Drawing Breath

Posted online: April 2016

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Balarama as the Eighth Avatar of Vishnu and Elder Brother of Krishna. Madhya Pradesh, India, 11th century. Sandstone. Santa Barbara Museum of Art, Gift of Wright S. Ludington.

Spirituality, history, mythology, and art merge and mingle in two new exhibitions at the Santa Barbara Museum of Art. On April 17, the Museum debuts two exhibits: Lewis deSoto’s “Paranirvana (Self-Portrait)” and “Puja and Piety: Hindu, Jain, and Buddhist Art from the Indian Subcontinent.”

In deSoto’s solo show, the noted mixed-media artist presents his monumental sculpture Paranirvana (Self-Portrait). Inspired by the 12th-century Buddha at Gal Vihara in Sri Lanka, and conceived after the death of the artist’s father, the sculpture—a 26-foot-long inflatable reclining Buddha graced with the artist’s own features—represents a fascinating reflection on existence, loss, spirituality, and more. Reclined in the museum’s historic Ludington Court, the SBMA-commissioned sculpture “inhales” (inflates) each morning and “exhales” (deflates”) each night, in a symbolic representation of prana, or spiritual breath.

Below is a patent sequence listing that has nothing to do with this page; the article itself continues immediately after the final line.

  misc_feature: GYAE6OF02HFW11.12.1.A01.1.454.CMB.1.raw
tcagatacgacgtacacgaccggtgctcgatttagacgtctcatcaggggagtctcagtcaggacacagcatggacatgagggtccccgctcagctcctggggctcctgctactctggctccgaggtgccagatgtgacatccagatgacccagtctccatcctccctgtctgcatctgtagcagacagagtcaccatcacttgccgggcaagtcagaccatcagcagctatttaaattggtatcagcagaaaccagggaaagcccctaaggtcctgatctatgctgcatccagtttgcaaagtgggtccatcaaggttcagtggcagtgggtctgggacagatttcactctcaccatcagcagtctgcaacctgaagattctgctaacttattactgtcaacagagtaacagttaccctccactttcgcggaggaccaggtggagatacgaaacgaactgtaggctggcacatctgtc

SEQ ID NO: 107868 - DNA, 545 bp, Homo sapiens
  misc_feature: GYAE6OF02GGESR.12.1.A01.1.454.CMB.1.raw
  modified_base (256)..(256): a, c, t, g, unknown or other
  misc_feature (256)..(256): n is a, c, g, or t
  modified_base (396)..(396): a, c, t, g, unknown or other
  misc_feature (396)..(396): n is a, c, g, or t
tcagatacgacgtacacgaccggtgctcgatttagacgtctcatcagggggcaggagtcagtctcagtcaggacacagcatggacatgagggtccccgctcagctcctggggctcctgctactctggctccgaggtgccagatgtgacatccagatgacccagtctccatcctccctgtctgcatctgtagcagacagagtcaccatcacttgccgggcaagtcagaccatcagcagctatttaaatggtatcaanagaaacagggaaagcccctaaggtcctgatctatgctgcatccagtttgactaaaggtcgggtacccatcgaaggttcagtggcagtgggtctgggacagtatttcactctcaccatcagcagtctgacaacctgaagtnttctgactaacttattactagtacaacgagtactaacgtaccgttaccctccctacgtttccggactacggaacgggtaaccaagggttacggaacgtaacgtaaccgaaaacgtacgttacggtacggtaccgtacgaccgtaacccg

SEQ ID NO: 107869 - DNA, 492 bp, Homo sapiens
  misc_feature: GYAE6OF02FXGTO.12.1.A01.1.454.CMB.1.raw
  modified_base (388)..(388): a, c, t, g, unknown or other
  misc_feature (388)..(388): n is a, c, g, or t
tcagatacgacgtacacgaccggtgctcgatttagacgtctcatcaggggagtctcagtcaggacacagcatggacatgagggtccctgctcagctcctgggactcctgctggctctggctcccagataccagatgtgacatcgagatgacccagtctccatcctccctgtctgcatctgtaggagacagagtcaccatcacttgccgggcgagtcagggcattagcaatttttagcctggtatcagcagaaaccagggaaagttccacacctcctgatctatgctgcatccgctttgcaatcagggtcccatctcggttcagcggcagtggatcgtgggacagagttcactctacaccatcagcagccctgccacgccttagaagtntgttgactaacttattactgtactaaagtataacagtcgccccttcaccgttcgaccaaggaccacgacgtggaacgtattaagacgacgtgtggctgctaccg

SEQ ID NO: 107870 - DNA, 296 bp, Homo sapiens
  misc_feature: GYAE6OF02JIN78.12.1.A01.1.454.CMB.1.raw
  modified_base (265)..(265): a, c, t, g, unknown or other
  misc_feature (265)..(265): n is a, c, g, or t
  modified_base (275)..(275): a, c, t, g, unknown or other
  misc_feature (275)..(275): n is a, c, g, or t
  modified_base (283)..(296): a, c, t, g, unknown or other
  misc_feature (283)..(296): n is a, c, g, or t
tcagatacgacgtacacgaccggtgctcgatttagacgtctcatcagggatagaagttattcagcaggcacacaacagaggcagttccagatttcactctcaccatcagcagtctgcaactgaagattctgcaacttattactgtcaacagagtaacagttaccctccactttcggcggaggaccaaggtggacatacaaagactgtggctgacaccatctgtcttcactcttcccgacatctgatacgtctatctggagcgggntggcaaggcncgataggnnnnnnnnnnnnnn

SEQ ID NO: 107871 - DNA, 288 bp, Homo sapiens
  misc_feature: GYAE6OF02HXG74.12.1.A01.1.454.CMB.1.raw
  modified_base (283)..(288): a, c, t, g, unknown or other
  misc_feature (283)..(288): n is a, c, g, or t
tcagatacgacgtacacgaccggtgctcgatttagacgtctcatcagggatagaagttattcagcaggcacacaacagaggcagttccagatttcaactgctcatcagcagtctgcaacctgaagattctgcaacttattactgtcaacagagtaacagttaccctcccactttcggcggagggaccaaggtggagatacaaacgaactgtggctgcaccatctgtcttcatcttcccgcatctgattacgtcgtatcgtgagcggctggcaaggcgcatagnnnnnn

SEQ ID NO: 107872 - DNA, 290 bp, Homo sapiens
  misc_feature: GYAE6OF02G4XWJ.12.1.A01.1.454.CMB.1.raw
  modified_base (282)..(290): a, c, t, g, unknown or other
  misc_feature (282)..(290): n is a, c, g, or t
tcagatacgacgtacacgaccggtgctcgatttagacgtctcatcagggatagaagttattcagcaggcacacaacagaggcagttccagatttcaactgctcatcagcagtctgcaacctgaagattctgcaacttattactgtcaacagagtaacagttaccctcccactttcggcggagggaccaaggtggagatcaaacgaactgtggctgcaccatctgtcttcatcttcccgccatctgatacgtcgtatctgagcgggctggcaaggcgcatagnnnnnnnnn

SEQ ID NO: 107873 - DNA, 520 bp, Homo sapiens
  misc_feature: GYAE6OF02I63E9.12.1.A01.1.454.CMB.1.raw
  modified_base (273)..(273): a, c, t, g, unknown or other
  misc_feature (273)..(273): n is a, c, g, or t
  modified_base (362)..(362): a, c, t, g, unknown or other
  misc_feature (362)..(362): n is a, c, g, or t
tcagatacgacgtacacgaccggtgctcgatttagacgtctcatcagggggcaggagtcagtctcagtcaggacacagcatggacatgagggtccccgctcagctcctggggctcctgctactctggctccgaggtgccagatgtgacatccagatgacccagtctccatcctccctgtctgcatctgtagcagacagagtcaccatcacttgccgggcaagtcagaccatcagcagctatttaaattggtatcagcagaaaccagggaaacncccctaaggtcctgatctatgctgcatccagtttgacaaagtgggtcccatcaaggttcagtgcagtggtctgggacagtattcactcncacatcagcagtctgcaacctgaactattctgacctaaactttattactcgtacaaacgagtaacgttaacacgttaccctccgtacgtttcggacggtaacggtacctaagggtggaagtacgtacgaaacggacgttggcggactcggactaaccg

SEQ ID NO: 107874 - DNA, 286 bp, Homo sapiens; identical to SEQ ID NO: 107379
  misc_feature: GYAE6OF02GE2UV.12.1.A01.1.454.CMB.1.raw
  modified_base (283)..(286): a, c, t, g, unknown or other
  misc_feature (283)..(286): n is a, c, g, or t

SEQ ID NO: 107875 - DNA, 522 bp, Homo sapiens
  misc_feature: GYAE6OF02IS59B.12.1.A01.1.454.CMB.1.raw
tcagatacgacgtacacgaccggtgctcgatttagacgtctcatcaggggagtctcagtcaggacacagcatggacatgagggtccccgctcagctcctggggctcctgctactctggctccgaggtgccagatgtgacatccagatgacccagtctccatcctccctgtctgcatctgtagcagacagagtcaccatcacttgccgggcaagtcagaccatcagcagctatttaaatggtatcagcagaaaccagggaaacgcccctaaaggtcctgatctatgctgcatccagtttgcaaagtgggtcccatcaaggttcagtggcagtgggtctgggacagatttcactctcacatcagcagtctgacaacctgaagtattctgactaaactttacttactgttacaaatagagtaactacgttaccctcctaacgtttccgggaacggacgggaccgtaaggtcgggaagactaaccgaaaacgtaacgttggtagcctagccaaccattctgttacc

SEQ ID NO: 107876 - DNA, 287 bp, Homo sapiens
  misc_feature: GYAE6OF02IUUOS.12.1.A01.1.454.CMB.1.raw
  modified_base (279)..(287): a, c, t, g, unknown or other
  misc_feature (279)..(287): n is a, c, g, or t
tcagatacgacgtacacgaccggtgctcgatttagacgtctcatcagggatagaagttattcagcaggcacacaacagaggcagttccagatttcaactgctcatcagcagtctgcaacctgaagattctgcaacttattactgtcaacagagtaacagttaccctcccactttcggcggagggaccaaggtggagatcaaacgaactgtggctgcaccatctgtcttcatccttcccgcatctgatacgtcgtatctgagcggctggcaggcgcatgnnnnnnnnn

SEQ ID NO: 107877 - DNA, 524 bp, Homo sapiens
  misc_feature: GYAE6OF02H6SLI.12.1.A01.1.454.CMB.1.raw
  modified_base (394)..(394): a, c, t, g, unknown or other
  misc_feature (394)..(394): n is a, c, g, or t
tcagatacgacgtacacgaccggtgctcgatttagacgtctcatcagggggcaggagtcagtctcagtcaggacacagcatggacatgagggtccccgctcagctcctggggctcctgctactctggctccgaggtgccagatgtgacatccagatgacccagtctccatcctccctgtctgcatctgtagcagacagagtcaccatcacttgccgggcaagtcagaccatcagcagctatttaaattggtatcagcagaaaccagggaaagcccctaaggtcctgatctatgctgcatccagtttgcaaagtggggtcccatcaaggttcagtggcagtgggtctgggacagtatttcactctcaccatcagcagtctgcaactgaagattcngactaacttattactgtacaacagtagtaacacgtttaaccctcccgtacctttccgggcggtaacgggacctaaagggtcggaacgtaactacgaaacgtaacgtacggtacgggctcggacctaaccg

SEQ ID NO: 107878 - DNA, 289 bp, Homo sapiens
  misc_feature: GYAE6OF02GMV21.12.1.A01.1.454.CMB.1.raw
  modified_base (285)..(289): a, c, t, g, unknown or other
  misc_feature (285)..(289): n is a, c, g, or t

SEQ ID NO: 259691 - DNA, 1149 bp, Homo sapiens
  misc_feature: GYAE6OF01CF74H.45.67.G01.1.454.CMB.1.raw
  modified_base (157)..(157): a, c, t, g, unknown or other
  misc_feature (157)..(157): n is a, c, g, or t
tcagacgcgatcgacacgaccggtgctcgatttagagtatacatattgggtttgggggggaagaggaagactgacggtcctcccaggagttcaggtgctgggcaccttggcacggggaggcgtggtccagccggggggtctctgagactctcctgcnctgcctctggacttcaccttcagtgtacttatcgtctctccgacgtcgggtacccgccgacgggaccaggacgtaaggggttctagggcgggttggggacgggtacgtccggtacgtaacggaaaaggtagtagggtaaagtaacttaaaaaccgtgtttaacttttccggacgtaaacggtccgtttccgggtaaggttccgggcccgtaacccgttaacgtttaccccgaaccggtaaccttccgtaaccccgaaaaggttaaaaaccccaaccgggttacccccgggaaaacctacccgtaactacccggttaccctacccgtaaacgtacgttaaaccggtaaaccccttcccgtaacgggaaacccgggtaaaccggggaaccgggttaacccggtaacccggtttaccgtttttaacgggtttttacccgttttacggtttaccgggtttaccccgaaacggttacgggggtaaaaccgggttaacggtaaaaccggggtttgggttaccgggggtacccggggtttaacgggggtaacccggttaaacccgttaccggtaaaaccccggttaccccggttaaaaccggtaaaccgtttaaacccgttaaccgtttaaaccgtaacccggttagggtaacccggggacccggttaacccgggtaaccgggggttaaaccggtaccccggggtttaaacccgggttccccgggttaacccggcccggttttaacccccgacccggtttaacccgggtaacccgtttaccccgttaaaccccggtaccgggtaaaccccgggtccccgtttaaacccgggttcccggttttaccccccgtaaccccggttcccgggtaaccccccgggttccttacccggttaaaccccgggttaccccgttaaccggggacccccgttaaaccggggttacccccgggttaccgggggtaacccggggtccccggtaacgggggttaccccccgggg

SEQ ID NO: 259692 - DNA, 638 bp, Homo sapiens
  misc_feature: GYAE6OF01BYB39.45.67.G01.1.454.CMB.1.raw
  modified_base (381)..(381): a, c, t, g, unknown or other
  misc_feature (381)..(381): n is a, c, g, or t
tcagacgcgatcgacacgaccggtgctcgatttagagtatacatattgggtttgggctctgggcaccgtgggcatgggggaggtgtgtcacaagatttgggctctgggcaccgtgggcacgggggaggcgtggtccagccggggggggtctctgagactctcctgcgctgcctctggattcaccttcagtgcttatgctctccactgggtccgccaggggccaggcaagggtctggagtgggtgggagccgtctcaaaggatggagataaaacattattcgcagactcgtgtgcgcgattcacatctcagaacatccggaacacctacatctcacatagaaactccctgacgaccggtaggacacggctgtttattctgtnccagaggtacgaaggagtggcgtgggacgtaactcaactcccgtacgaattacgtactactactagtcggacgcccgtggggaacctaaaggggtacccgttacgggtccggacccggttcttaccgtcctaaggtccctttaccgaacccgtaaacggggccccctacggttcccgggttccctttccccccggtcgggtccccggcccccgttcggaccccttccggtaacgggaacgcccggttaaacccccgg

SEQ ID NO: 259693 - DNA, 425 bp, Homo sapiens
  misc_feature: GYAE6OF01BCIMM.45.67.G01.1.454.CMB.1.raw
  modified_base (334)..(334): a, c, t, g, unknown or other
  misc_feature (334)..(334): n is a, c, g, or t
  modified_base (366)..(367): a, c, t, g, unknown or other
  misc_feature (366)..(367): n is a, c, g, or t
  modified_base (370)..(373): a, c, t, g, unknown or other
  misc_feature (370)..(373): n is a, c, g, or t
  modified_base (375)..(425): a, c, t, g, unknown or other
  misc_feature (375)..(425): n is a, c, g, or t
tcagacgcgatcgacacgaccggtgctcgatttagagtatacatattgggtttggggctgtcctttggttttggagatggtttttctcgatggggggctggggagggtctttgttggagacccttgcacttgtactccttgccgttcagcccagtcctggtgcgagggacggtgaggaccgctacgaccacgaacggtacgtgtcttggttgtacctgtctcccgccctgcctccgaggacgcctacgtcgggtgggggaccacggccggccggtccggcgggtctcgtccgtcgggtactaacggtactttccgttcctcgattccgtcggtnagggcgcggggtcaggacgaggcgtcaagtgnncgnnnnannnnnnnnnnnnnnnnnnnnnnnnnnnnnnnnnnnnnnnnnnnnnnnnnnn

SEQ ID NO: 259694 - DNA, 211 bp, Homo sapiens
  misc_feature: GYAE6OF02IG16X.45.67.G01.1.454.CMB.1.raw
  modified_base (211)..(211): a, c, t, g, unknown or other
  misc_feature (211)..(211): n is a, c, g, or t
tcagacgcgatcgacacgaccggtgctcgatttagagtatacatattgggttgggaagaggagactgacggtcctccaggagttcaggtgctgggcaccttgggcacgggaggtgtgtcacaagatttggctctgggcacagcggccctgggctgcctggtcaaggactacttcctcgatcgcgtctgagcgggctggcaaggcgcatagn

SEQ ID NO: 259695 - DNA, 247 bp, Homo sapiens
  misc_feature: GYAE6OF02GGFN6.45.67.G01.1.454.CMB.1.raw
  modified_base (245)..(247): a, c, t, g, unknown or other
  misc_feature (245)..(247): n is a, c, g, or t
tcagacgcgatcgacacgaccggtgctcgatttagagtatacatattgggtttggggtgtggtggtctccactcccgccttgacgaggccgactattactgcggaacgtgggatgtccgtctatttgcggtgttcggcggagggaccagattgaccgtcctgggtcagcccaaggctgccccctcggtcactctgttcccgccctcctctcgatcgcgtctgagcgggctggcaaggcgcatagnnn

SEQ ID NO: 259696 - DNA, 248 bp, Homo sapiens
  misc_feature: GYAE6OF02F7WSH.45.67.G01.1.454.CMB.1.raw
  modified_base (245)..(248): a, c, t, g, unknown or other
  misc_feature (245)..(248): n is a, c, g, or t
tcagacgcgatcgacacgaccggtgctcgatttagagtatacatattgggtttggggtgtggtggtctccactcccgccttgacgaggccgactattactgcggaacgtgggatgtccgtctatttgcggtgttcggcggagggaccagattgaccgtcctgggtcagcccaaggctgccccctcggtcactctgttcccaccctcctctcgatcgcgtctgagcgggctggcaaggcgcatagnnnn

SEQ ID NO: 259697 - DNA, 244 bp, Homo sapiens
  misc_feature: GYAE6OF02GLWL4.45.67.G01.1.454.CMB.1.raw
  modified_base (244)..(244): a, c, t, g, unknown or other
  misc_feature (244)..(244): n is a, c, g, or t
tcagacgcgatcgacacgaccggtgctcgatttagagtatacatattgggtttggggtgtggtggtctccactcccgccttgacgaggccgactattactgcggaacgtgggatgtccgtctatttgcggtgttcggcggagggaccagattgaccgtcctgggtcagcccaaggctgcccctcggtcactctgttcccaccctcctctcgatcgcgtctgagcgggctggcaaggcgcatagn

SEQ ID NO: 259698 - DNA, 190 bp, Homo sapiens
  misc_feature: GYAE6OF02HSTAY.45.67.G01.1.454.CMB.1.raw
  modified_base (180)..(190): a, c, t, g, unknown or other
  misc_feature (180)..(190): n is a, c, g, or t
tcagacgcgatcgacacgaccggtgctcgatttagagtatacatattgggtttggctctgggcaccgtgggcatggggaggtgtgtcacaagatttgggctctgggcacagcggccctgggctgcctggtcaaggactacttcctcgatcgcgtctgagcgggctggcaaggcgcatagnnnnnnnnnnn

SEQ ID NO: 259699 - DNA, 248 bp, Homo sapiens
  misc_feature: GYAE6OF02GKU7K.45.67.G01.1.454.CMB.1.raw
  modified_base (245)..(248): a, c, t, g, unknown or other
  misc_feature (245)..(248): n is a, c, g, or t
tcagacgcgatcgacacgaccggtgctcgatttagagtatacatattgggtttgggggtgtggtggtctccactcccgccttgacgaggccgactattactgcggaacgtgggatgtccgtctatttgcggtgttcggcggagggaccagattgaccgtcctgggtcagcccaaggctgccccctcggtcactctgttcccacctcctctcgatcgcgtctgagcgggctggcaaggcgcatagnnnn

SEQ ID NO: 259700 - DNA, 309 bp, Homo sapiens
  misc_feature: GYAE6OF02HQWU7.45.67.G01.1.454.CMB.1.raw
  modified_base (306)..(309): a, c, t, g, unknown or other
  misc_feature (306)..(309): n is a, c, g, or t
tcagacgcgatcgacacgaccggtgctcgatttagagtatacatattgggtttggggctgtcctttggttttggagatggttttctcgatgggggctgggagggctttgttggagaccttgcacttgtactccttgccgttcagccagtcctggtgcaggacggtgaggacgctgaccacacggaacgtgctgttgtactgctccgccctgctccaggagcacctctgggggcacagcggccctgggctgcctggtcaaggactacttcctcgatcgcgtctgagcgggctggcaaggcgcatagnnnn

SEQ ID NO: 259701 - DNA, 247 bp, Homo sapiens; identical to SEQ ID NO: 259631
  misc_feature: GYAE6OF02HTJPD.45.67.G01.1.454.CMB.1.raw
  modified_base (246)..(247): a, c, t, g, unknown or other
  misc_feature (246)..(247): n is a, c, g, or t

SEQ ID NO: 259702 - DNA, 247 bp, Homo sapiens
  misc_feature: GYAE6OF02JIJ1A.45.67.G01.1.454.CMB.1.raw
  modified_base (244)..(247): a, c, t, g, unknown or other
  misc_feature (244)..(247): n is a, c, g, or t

“Puja and Piety” celebrates the intimate relationship between aesthetic expression and the puja (devotional practice) of three major religions of the Indian subcontinent. The exhibition showcases more than 160 objects of diverse media from the past two millennia, exemplifying how devotional objects influence the beliefs, rituals, and existence of Hinduism, Jainism, and Buddhism. The exhibit’s accompanying catalog—which provides essays on each religious tradition, maps, a timeline, and a glossary—enhances the experience.

Celebrate the Museum’s 75th anniversary year by viewing “Paranirvana (Self-Portrait)” from April 17 through July 31 and “Puja and Piety” from April 17 through August 28. For more information, visit sbma.net. –Kelly Collins

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